48-50 The military officers—commanders of thousands and commanders of hundreds—came to Moses and said, “We have counted the soldiers under our command and not a man is missing. We’ve brought offerings to God from the gold jewelry we got—armlets, bracelets, rings, earrings, ornaments—to make atonement for our lives before God.”
51-54 Moses and Eleazar the priest received the gold from them, all that fine-crafted jewelry. In total, the gold from the commanders of thousands and hundreds that Moses and Eleazar offered as a gift to God weighed about six hundred pounds, all donated by the soldiers who had taken the spoils. Moses and Eleazar took the gold from the commanders of thousands and hundreds and brought it to the Tent of Meeting, to serve as a reminder for the People of Israel before God.
Tribes East of the Jordan
32 1-4 The families of Reuben and Gad had huge herds of livestock. They saw that the country of Jazer and Gilead was just the place for grazing livestock. And so they came, the families of Gad and of Reuben, and spoke to Moses and Eleazar the priest and the leaders of the congregation, saying, “Ataroth, Dibon, Jazer, Nimrah, Heshbon, Elealeh, Sebam, Nebo, and Beon—the country that God laid low before the community of Israel—is a country just right for livestock, and we have livestock.”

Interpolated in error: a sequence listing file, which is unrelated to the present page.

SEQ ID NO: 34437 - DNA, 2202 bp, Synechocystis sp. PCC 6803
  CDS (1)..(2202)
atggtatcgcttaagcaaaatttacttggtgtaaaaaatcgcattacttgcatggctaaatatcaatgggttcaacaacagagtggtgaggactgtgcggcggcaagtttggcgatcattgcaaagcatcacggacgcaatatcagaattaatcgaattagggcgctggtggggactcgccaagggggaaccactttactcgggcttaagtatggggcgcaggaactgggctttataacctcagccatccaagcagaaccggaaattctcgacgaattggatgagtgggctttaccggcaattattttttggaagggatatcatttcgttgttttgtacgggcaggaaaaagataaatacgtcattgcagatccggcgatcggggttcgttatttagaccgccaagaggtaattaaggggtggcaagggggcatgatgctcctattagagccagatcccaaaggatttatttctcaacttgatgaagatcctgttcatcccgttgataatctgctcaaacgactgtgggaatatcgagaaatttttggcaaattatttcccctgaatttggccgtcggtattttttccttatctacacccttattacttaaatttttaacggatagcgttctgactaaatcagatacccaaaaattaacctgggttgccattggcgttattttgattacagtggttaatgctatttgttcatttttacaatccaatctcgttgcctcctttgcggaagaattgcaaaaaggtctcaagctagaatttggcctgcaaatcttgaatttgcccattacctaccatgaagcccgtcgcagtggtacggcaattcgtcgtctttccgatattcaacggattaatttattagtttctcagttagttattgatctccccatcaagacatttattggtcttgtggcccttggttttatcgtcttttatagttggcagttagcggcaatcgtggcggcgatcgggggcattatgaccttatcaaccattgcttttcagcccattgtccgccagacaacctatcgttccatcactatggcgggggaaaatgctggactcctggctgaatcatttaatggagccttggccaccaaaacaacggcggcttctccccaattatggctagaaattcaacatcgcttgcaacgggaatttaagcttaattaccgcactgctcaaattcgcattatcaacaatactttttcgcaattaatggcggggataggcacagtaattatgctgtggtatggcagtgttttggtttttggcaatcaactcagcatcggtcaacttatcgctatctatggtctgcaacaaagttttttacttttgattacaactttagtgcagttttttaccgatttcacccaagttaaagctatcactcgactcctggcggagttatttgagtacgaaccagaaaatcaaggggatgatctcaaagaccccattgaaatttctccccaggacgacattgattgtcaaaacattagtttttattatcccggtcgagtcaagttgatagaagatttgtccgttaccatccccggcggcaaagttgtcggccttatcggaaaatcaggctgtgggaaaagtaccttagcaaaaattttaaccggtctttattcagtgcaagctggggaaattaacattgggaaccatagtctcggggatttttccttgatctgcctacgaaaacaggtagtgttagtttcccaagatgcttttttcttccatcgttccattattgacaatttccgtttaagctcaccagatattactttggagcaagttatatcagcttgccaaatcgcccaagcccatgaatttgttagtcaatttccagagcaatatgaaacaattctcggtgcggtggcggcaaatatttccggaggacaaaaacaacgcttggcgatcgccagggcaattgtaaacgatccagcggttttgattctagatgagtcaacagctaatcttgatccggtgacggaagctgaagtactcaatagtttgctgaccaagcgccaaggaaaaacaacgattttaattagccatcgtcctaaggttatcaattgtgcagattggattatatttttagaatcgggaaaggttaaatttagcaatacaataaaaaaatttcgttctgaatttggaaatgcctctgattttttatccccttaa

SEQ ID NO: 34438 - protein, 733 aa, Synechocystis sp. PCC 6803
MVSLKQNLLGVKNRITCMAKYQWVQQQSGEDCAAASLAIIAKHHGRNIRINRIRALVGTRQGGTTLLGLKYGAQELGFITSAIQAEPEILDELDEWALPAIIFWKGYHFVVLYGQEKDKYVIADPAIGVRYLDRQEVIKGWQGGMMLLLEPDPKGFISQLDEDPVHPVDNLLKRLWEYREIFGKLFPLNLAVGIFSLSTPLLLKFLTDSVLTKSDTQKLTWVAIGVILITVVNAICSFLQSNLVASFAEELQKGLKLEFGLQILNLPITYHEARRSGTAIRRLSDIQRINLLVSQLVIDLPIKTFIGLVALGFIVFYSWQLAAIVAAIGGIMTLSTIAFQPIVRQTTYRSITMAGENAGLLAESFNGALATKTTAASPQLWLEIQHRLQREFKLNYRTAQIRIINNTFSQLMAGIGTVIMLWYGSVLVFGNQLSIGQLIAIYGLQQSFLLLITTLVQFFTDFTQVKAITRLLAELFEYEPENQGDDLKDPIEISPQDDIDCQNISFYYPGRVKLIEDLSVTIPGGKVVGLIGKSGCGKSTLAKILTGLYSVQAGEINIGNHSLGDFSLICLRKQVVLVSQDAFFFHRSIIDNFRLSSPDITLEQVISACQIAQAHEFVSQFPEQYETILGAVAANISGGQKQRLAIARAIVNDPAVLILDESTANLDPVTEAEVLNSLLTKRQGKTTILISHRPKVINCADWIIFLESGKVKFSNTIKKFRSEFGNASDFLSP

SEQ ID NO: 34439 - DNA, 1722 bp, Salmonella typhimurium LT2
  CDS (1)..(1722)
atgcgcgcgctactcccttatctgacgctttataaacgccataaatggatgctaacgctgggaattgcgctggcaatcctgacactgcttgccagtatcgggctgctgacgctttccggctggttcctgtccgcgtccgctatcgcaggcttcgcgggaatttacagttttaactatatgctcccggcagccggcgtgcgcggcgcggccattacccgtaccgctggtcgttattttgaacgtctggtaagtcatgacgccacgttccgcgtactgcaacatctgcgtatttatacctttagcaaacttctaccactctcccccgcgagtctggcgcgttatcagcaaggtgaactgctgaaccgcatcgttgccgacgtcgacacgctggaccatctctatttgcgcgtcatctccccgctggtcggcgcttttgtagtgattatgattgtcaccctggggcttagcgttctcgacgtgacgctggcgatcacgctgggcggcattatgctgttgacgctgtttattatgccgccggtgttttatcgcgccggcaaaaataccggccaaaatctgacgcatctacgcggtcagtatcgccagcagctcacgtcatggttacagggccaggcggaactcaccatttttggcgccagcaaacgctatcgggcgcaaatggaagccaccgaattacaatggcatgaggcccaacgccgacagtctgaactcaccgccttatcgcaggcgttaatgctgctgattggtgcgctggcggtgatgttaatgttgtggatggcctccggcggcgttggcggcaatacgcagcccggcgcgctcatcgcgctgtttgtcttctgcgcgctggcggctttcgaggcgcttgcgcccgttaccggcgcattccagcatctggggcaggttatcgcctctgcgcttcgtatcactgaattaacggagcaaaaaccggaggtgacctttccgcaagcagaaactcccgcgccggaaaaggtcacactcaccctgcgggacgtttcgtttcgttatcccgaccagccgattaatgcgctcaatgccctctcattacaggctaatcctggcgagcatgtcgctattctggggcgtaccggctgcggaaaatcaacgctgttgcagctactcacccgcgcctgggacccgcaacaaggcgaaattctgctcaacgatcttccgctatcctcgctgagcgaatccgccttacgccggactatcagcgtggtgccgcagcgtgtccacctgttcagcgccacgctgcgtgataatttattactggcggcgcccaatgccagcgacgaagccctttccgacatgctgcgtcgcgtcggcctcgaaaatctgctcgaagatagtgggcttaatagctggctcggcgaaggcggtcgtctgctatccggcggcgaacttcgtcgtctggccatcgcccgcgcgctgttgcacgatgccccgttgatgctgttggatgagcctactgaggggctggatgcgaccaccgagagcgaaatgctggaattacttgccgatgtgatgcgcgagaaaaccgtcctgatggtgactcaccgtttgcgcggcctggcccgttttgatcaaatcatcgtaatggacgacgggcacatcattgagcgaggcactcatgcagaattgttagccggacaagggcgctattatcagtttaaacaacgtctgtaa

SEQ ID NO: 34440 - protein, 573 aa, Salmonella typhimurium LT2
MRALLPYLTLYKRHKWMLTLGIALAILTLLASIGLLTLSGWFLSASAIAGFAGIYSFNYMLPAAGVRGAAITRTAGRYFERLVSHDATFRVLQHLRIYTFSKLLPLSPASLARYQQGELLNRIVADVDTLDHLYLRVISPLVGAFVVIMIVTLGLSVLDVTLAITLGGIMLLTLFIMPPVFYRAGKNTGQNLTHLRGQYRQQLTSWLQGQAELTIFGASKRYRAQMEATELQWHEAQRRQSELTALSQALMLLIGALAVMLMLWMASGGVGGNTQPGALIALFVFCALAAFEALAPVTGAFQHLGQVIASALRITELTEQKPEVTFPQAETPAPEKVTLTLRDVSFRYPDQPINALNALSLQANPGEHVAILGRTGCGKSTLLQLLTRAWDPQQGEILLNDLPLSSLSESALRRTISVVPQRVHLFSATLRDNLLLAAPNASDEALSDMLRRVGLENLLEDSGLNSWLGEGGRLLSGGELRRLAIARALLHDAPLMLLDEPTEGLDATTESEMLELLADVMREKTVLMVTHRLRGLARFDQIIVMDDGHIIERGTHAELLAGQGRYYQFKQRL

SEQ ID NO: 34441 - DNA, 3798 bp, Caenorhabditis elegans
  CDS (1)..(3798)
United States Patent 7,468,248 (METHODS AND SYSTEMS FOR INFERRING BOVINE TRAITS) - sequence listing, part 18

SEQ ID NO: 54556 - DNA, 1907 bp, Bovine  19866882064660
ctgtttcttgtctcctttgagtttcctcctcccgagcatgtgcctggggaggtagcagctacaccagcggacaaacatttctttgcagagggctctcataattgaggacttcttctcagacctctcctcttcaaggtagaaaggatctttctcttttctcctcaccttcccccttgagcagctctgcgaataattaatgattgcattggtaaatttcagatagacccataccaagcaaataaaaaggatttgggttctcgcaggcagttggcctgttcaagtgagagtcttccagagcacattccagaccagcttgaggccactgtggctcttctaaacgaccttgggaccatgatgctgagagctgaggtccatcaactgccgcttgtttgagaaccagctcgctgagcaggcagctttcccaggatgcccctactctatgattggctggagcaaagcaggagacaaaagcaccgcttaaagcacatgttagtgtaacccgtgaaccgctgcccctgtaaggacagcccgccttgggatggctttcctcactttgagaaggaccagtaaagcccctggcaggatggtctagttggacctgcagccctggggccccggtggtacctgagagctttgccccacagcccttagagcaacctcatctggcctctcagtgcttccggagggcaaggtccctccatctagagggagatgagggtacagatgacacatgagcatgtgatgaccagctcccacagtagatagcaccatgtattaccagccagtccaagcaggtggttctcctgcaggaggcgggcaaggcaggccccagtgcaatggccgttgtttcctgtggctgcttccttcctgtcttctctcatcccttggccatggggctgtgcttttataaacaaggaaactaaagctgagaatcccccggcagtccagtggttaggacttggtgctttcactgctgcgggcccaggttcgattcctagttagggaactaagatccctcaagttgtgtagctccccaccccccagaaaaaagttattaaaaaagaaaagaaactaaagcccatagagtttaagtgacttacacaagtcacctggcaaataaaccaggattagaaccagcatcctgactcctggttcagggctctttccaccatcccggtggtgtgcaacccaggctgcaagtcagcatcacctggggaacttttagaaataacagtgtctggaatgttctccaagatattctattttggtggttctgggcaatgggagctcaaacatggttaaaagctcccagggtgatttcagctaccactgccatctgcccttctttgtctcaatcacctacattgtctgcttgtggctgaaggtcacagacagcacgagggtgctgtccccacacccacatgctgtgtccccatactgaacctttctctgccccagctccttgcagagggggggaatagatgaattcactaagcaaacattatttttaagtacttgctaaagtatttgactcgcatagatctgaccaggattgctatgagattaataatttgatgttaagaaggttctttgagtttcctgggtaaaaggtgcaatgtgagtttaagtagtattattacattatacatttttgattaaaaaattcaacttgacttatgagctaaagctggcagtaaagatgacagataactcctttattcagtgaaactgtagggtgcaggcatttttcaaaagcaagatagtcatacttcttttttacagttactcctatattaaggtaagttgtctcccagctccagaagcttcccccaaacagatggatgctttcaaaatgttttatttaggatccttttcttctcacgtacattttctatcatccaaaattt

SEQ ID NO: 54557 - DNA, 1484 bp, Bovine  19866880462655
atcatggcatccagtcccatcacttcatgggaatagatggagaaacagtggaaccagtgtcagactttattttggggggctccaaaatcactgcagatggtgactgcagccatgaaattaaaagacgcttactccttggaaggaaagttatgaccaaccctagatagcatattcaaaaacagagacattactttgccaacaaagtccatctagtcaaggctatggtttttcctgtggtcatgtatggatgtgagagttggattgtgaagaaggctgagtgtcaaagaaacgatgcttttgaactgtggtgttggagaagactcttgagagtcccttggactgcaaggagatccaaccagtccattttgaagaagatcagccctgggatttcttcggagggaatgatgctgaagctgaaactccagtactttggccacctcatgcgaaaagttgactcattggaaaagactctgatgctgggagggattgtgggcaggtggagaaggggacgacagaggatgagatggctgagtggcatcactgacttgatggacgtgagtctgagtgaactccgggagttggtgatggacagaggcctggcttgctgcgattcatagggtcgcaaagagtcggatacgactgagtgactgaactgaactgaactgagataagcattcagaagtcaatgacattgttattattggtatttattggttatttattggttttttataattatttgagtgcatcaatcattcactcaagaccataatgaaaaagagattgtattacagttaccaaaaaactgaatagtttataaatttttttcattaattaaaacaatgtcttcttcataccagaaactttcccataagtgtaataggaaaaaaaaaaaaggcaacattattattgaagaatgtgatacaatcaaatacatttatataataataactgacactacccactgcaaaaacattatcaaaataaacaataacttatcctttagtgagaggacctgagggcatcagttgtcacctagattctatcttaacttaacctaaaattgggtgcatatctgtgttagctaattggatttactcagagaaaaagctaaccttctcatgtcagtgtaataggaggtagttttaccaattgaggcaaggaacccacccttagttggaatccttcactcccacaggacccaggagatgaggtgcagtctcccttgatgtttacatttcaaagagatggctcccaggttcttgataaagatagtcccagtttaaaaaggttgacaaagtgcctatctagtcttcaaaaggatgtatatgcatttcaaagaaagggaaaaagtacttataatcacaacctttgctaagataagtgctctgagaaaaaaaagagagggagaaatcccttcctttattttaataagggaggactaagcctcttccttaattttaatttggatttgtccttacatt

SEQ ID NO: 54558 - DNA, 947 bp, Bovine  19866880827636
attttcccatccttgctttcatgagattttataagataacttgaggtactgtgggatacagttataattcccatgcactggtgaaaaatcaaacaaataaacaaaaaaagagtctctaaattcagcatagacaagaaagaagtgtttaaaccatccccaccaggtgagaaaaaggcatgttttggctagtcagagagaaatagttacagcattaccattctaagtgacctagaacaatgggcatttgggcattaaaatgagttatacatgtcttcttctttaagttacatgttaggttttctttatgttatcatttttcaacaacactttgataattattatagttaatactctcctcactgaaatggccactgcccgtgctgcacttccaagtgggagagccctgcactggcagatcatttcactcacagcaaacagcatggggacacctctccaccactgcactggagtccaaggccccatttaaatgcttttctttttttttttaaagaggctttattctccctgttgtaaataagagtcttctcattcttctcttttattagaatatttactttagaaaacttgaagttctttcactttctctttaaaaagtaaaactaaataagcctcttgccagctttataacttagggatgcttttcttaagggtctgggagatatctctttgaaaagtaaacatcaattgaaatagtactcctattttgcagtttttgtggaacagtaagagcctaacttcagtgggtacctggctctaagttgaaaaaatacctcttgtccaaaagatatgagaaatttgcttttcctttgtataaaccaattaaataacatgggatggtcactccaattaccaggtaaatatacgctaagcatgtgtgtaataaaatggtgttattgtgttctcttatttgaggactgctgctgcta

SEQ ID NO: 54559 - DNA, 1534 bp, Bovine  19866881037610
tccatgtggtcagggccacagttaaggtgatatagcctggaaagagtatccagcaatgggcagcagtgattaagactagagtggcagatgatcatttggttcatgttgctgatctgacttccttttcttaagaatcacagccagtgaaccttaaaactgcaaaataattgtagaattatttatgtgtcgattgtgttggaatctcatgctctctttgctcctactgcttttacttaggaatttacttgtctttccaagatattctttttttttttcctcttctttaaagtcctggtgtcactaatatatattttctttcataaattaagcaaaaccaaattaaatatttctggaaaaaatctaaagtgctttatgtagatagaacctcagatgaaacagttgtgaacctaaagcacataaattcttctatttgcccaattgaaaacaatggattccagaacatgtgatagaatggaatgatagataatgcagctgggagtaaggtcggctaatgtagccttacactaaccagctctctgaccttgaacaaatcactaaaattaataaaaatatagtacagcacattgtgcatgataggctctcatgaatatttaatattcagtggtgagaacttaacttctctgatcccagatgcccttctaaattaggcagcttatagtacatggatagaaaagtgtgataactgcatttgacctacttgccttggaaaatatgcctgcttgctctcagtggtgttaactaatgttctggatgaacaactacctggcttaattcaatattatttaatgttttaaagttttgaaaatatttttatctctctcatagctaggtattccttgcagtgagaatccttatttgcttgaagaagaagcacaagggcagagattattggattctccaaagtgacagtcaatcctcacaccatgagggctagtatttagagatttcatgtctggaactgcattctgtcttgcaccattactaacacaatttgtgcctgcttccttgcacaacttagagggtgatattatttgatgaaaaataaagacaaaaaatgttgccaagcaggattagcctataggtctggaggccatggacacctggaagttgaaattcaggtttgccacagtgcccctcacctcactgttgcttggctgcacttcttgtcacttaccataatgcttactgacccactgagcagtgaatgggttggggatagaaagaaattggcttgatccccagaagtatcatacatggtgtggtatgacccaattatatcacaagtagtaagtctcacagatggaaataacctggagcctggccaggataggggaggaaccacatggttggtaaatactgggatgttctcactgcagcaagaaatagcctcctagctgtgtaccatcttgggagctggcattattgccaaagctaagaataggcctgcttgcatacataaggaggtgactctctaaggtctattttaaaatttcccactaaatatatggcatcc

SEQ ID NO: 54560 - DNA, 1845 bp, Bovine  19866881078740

5 They continued, “If you think we’ve done a good job so far, give us this country for our inheritance. Don’t make us go across the Jordan.”
6-12 Moses answered the families of Gad and Reuben: “Do you mean that you are going to leave the fighting that’s ahead to your brothers while you settle down here? Why would you even think of letting the People of Israel down, demoralizing them just as they’re about to move into the land God gave them? That’s exactly what your ancestors did when I sent them from Kadesh Barnea to survey the country. They went as far as the Valley of Eshcol, took one look and quit. They completely demoralized the People of Israel from entering the land God had given them. And God got angry—oh, did he get angry! He swore: ‘They’ll never get to see it; none of those who came up out of Egypt who are twenty years and older will ever get to see the land that I promised to Abraham, Isaac, and Jacob. They weren’t interested in following me—their hearts weren’t in it. None, except for Caleb son of Jephunneh the Kenizzite, and Joshua son of Nun; they followed me—their hearts were in it.’